Some of the technology used in rehearsal and performance photo Ed Dimsdale national theatre education workpack 5 . designers. more and more material was gathered and ideas offered – from using a spy camera for the baby’s point-of-view to using a bin we found in the rehearsal room to make a bridge-creaking noise. actors. to stop censoring. video cameras. We began our rehearsals with two weeks at the National Theatre’s Studio. the mountain in front of the team is enormous. The idea is that this doesn’t diminish the audience’s belief in the world on stage but creates a playful environment which adds to the audience’s enjoyment. composers. Sean [director] says “I think we’ve learnt how to rehearse this play”. from discovering ways of denoting character through props. the actors rehearse for four or five weeks and then music and sound are added during the technical rehearsals on stage. from the obvious to the stupid. “Terrible is the temptation to do good” says the Singer – doing something good doesn’t necessarily bring good to yourself. another sound. Usually in theatre. We explored answers to difficult questions – how do we show the baby without bringing a baby onstage? How do we make a crowd with eight people? Over the course of a few days. of. For this collaboration. continually making and remoulding ideas.The Filter process Filter’s ideology is inclusive and democratic: everyone in the room is asked to contribute their skills and imagination. As we left the Studio. taking the essence of one and merging it with another. the musicians and sound designers are in rehearsal all the time. With just eight actors playing around 90 characters in a five-act play. props. With Filter. and begun to unearth the complex morality in the play. directors. then the audience should see how it is being done. Filter was founded on the belief that music and sound are an integral part of theatre and should be included in the process from day one. learnt that the play is written with absolute economy of storytelling. crossing the bridge or representing the Governor’s severed head. devising the production alongside the actors. to simply try everything. where we spent our remaining three weeks. What the company were trying to do was create an atmosphere that encourages imagination. for example. If someone is making a sound effect of footsteps crunching on snow. discovered the wonderful eclecticism in the writing. video has been added into the mix. realised that the behaviour of all of the characters is the behaviour of those in extremis. to evolving a language which allows every actor to be a character in every scene. or several ways. One group could use video. The other founding vision of the company is that the theatre-making process should be exposed. we had as many questions as answers but we had made crucial breakthroughs: developed a rehearsal language and shared references. Each group had 15 minutes to come up with a way. another just chairs – the rules changed as we went along but the basic principle remained. musical instruments. a range of technology. to find out how little or how much we need to tell this story. another nothing. We started with an exercise that became the foundation for our way of working over the next two weeks: we split into small groups. in a large room packed with a range of “stuff you can make theatre with” – costumes. Plus we built up a bank of ideas and theatrical techniques that can be applied and developed during rehearsals. The company shared solutions. furniture – as well as all of us. begun to appreciate the jagged nature of the writing (the way absurd humour and terrible horror can legitimately co-exist in the same moment). When we left the Studio to move to a rehearsal room at the National.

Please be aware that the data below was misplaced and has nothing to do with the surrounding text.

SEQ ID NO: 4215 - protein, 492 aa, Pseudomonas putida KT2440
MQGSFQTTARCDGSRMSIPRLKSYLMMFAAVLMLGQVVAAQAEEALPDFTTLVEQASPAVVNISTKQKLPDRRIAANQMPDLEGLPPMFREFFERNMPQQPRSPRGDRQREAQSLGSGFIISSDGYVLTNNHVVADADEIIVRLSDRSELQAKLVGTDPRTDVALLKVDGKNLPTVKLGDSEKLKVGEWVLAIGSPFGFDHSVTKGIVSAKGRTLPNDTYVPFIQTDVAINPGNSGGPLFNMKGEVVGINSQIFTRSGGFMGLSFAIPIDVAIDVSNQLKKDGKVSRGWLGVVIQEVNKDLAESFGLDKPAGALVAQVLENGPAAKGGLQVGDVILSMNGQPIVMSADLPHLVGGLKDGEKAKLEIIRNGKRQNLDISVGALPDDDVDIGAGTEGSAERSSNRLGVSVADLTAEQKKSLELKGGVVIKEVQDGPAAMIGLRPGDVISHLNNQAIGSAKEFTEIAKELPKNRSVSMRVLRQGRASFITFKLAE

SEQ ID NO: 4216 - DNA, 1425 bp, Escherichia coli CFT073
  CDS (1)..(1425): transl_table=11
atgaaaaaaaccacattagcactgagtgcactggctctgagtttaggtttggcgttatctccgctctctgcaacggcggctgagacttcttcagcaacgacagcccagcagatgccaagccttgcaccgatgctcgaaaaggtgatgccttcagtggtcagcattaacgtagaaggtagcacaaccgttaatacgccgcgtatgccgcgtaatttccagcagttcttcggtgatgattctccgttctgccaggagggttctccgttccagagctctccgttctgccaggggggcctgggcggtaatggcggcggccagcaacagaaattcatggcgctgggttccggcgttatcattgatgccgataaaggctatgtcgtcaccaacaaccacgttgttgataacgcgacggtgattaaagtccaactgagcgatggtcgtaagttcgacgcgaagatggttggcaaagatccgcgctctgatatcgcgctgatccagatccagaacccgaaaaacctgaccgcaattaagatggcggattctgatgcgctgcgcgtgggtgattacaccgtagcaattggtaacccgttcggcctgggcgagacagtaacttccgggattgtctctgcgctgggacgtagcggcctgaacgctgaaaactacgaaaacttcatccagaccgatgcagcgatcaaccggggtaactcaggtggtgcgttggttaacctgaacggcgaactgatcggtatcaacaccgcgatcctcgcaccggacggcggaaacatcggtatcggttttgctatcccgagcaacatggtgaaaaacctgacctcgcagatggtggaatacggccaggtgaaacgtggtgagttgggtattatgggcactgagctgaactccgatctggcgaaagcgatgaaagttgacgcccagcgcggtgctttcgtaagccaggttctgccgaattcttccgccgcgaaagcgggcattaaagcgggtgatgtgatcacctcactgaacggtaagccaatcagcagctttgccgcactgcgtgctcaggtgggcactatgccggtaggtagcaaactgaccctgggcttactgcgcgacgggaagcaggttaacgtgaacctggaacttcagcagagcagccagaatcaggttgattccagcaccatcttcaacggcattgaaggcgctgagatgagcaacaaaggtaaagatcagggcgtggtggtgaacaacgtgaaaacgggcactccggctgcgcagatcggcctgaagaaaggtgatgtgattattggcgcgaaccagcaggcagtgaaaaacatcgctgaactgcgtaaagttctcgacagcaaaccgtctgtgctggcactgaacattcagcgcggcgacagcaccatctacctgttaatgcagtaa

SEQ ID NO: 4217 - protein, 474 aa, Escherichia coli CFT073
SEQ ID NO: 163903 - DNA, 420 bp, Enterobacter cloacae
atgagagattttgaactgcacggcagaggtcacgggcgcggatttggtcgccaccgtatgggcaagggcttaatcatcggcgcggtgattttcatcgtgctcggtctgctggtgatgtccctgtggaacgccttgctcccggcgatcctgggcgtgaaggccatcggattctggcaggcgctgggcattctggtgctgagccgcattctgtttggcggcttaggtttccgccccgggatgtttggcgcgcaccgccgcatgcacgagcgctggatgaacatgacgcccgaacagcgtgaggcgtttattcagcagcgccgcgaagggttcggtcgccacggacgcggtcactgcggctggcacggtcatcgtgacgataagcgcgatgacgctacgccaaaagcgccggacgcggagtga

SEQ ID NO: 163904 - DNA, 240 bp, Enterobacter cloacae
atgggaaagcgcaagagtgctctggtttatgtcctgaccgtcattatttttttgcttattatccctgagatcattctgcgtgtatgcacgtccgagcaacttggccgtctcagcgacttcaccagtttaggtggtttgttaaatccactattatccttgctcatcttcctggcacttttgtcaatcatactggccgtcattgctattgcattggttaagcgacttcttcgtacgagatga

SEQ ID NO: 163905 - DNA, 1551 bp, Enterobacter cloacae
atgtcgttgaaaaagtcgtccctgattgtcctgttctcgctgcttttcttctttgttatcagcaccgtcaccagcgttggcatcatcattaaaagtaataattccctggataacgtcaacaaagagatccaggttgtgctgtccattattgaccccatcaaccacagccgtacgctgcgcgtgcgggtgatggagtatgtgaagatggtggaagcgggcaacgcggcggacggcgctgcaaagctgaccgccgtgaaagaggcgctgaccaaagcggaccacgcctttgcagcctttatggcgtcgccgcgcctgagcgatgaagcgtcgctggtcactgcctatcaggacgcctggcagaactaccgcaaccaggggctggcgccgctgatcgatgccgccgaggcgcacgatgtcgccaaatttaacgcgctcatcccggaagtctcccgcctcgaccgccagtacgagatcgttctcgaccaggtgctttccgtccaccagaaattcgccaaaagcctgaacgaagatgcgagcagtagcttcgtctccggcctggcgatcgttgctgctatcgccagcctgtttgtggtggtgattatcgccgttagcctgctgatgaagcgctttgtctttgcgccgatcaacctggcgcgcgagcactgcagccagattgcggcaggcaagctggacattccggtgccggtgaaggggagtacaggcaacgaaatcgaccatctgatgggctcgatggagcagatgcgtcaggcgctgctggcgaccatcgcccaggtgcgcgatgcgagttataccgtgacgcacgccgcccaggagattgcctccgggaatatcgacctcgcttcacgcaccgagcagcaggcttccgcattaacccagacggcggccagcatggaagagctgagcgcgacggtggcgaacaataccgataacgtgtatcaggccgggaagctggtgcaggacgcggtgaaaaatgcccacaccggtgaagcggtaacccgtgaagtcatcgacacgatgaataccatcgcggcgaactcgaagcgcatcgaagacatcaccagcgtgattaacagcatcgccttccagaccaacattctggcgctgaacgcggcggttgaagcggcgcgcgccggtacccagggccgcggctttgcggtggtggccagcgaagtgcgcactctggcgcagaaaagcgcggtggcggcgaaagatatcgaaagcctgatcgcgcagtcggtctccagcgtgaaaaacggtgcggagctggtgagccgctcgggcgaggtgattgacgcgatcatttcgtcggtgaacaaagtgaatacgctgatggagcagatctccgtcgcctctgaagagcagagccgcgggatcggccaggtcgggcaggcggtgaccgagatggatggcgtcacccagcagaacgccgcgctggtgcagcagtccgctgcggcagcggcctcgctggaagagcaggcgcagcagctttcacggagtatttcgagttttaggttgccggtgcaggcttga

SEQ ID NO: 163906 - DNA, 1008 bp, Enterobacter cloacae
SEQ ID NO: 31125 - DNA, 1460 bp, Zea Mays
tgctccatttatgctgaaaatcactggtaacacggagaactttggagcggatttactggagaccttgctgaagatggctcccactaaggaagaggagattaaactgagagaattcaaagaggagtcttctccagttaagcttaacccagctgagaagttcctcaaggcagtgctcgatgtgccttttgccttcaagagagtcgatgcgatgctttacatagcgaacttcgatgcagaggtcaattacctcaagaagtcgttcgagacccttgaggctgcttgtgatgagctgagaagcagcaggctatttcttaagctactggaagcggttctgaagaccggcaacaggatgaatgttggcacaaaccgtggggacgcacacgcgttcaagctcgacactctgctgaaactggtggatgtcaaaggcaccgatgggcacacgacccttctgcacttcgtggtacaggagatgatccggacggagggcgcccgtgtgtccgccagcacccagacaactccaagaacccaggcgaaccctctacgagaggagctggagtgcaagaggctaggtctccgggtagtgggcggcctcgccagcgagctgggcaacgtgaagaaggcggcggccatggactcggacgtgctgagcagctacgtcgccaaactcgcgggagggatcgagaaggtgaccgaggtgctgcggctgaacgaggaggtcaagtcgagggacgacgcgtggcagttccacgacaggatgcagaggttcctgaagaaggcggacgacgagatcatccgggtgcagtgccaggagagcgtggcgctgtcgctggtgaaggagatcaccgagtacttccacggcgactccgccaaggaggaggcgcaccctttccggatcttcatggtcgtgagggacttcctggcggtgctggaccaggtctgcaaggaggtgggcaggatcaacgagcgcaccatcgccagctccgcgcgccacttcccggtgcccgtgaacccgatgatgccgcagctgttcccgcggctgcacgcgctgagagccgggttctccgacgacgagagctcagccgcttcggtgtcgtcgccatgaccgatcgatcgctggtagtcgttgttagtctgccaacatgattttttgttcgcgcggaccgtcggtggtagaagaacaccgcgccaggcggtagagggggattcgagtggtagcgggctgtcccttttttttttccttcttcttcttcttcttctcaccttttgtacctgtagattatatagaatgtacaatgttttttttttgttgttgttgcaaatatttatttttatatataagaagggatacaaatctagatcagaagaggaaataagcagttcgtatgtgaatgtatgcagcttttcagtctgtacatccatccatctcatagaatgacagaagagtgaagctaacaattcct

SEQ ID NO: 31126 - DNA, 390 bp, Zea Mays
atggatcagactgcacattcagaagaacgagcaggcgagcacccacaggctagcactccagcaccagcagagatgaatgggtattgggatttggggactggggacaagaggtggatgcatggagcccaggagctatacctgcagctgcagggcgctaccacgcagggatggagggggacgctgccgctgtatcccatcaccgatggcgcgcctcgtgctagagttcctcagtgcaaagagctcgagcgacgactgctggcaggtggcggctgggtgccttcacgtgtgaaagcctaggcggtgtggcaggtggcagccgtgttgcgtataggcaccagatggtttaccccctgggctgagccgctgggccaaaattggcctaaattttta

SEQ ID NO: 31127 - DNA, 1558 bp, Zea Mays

set by Karl von Appen and with Ernst Busch as Azdak and the Singer. while he was in exile in America. Brecht’s wife. The Rustaveli theatre company from Georgia toured a famous production in 1975. It wasn’t as though he radically rethought it. Northfield. I never really forgave him. The highly-acclaimed Swiss Théâtre de Vidy Lausanne performed the play in a new adaptation by Benno Besson at the home of the Berliner Ensemble in 2002. Peter Hall ended up taking over directing responsibilities from Gaskill. Sara Kestelman played Grusha and Patrick Magee The Singer. “I used a lot of improvisation” wrote Gaskill in his diaries. The company did not perform the prologue. Simon McBurney directed and played Azdak and Juliet Stevenson was Grusha. Eric Bentley went on to become a major Brecht scholar. when the National’s Olivier was turned into a theatre-in-the-round for a season. Michael Flanders played the Singer. but I was devastated when he said he’d [Hall] have to take over. The English-language premiere took place at the Aldwych Theatre in London in March 1962. Complicite undertook a major reappraisal of the play. In 1948 it had its premiere at Carleton College. Peter Gill (who now regularly directs productions for the National Theatre) played Bizergan Kazbecki. It was an RSC production adapted by John Holmstrom and directed by William Gaskill. Juliet Stevenson as Grusha in the 1997 Complicite production of The Caucasian Chalk Circle photo ??? national theatre education workpack 6 . Angelika Hurwicz as Grusha.” The BBC filmed The Caucasian Chalk Circle in 1973. The company used a revolve and 40 actors. A Sense of Direction. It was a sensation. Two weeks after Brecht’s death in 1956 the production toured to London and Paris. directed by Robert Sturua. Minnesota in a translation by Eric and Maja Bentley. In 1997. They rehearsed for nine months. “and the actors panicked. Leo McKern played Azdak. as the Governor’s Wife. The Berliner Ensemble performed the play in 1954 with music by Paul Dessau. and Helene Weigel.Production history Brecht wrote The Caucasian Chalk Circle. Ralph Richardson turned down Peter Hall’s request [Peter Hall was then Artistic Director of the RSC] to be in it: “I am sorry that I cannot see what you perceive in the Brecht play – it is no doubt blindness in me. They decided it was unwise to do so given the situation in Soviet Georgia at the time. I was very bitter.” Hugh Griffith took the part.